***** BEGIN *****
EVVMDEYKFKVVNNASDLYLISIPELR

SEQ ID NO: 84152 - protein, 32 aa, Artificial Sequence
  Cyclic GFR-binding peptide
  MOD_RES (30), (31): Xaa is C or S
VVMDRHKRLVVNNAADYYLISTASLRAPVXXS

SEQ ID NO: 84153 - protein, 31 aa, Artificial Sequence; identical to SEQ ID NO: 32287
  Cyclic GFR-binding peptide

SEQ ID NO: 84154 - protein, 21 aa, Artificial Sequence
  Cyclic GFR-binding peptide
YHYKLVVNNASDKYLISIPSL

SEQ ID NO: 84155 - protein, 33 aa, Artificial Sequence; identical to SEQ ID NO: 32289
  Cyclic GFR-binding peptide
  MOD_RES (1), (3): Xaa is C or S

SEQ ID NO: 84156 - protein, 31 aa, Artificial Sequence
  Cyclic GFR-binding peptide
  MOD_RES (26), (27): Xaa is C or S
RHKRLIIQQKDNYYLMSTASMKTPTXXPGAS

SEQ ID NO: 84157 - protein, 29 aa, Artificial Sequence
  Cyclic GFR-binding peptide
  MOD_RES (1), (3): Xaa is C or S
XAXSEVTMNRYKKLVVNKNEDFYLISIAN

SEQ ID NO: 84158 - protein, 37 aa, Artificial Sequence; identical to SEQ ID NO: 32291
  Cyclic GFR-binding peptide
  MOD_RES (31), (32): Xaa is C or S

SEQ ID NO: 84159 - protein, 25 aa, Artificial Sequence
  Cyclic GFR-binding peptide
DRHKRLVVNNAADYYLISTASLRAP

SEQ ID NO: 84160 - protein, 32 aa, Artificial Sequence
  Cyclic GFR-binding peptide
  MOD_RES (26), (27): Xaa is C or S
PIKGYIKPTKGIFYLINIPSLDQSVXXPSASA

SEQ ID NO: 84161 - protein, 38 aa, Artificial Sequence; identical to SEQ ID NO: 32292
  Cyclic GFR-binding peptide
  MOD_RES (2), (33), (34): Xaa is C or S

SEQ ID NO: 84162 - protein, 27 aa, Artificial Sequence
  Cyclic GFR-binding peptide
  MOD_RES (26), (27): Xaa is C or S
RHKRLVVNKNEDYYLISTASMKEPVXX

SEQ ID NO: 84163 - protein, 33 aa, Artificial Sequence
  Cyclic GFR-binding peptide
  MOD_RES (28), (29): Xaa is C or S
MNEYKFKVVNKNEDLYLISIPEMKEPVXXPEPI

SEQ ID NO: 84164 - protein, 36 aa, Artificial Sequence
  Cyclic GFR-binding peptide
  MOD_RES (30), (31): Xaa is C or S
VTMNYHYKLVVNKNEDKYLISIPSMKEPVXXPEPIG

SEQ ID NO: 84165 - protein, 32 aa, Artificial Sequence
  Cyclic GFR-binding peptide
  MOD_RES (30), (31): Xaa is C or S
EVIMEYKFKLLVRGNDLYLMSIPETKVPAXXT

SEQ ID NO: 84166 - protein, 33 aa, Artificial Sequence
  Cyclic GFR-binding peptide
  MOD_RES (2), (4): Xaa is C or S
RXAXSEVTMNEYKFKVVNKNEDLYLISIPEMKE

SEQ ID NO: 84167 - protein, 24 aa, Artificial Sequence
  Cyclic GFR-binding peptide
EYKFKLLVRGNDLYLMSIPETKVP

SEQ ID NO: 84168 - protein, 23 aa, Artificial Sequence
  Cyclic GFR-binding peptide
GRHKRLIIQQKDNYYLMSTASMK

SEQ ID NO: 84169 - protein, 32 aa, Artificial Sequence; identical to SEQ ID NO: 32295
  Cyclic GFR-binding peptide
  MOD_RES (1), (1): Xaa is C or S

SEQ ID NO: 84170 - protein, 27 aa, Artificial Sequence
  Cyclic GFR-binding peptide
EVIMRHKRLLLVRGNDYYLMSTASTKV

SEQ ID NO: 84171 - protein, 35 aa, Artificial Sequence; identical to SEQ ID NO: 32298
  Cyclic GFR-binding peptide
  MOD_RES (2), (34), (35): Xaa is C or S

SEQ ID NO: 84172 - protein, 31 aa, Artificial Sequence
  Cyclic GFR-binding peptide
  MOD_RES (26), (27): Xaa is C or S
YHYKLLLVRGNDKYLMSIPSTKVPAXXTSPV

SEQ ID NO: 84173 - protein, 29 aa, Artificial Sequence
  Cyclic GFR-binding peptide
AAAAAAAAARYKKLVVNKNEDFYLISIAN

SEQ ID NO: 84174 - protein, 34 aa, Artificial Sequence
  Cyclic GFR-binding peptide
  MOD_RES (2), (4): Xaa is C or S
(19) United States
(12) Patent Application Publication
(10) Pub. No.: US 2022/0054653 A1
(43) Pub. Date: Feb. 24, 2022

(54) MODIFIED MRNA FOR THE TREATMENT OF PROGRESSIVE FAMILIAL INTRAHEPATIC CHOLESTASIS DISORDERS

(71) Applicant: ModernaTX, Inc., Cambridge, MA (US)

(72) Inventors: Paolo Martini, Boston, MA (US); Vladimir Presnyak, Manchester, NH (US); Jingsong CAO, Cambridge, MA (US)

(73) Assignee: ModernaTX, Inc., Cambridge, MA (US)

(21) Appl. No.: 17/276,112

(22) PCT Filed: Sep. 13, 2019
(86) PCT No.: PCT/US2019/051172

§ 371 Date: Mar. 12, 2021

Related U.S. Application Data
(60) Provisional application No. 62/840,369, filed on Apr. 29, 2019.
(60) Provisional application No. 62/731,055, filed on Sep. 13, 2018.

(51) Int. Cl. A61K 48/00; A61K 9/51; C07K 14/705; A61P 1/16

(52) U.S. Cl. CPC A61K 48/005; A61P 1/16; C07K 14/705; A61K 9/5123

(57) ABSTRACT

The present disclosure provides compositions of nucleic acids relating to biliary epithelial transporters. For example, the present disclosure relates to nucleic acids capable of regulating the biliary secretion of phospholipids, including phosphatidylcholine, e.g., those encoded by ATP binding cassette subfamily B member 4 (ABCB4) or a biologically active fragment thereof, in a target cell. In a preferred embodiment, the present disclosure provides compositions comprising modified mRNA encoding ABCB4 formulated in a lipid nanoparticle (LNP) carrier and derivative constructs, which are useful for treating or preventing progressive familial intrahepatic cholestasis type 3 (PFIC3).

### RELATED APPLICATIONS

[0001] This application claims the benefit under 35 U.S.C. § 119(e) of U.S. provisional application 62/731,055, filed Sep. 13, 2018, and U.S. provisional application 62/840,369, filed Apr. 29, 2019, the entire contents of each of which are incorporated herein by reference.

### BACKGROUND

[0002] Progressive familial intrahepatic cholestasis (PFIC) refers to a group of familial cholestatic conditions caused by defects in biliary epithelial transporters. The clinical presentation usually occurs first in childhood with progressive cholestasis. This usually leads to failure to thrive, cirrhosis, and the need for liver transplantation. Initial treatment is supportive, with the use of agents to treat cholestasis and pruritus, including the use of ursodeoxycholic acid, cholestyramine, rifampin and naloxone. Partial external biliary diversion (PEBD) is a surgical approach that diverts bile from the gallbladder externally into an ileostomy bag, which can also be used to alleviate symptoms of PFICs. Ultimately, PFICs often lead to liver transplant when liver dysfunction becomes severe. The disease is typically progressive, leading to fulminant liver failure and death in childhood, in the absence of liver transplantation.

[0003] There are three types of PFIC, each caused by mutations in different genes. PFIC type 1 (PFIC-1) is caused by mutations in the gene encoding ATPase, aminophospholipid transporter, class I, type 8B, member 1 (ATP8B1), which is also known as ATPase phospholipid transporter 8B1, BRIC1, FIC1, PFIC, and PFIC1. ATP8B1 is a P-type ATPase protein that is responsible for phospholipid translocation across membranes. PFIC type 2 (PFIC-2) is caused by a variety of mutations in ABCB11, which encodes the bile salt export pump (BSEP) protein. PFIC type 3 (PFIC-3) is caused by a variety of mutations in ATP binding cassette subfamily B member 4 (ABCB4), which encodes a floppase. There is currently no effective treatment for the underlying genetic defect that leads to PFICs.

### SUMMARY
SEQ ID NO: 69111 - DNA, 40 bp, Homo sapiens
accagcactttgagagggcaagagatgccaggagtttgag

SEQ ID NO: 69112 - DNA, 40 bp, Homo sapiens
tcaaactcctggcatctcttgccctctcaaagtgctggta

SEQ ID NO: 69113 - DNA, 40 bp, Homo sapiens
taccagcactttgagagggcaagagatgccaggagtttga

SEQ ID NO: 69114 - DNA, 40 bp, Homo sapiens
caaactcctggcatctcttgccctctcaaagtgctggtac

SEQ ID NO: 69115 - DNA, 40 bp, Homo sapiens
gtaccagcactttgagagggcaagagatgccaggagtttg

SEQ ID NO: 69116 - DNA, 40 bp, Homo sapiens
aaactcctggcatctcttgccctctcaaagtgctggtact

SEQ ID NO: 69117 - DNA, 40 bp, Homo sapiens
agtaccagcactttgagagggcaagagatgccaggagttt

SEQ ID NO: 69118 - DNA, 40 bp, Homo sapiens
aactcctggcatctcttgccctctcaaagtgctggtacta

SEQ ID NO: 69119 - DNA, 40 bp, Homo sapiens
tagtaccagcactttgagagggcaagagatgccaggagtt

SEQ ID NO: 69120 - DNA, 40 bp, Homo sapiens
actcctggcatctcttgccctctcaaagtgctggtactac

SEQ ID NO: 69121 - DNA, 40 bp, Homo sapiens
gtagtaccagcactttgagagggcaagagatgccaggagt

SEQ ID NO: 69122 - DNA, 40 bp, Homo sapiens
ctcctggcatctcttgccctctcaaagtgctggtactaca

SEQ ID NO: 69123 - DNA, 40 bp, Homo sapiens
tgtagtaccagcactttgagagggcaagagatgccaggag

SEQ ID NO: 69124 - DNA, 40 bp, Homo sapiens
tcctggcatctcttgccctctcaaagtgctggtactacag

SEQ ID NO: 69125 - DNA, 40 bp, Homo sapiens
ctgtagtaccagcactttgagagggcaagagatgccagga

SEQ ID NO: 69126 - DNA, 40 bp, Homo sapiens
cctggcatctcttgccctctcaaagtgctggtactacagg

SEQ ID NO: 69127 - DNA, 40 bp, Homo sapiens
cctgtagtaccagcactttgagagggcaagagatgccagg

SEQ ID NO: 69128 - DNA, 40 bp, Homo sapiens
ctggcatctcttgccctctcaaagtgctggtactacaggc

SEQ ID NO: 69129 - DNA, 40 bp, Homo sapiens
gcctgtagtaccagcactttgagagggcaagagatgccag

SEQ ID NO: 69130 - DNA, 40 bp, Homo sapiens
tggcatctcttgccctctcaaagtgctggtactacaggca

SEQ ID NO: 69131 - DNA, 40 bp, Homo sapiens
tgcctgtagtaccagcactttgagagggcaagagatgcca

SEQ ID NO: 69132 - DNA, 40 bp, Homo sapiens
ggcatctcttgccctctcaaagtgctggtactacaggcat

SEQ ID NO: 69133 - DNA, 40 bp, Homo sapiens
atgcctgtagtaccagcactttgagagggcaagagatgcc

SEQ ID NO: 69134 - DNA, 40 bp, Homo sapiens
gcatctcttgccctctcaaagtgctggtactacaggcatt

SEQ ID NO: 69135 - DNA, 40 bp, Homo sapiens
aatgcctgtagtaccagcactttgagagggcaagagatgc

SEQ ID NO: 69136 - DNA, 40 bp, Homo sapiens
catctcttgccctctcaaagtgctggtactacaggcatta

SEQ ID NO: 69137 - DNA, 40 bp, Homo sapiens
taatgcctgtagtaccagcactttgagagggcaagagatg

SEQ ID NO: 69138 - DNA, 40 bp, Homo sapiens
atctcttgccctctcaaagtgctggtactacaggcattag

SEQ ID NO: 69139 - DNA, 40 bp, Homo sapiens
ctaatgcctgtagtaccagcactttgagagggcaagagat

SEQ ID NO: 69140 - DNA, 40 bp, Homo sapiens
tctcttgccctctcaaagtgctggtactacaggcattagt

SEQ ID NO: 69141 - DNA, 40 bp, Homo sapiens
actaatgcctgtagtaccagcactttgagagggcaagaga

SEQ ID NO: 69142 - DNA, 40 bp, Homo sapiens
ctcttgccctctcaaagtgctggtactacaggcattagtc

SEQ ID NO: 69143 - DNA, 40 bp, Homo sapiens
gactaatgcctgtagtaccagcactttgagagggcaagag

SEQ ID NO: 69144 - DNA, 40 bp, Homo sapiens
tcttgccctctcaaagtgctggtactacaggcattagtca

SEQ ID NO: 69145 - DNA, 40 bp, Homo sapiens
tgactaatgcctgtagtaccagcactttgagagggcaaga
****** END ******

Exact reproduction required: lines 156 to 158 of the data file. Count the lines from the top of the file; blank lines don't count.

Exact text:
catctcttgccctctcaaagtgctggtactacaggcatta

SEQ ID NO: 69137 - DNA, 40 bp, Homo sapiens
taatgcctgtagtaccagcactttgagagggcaagagatg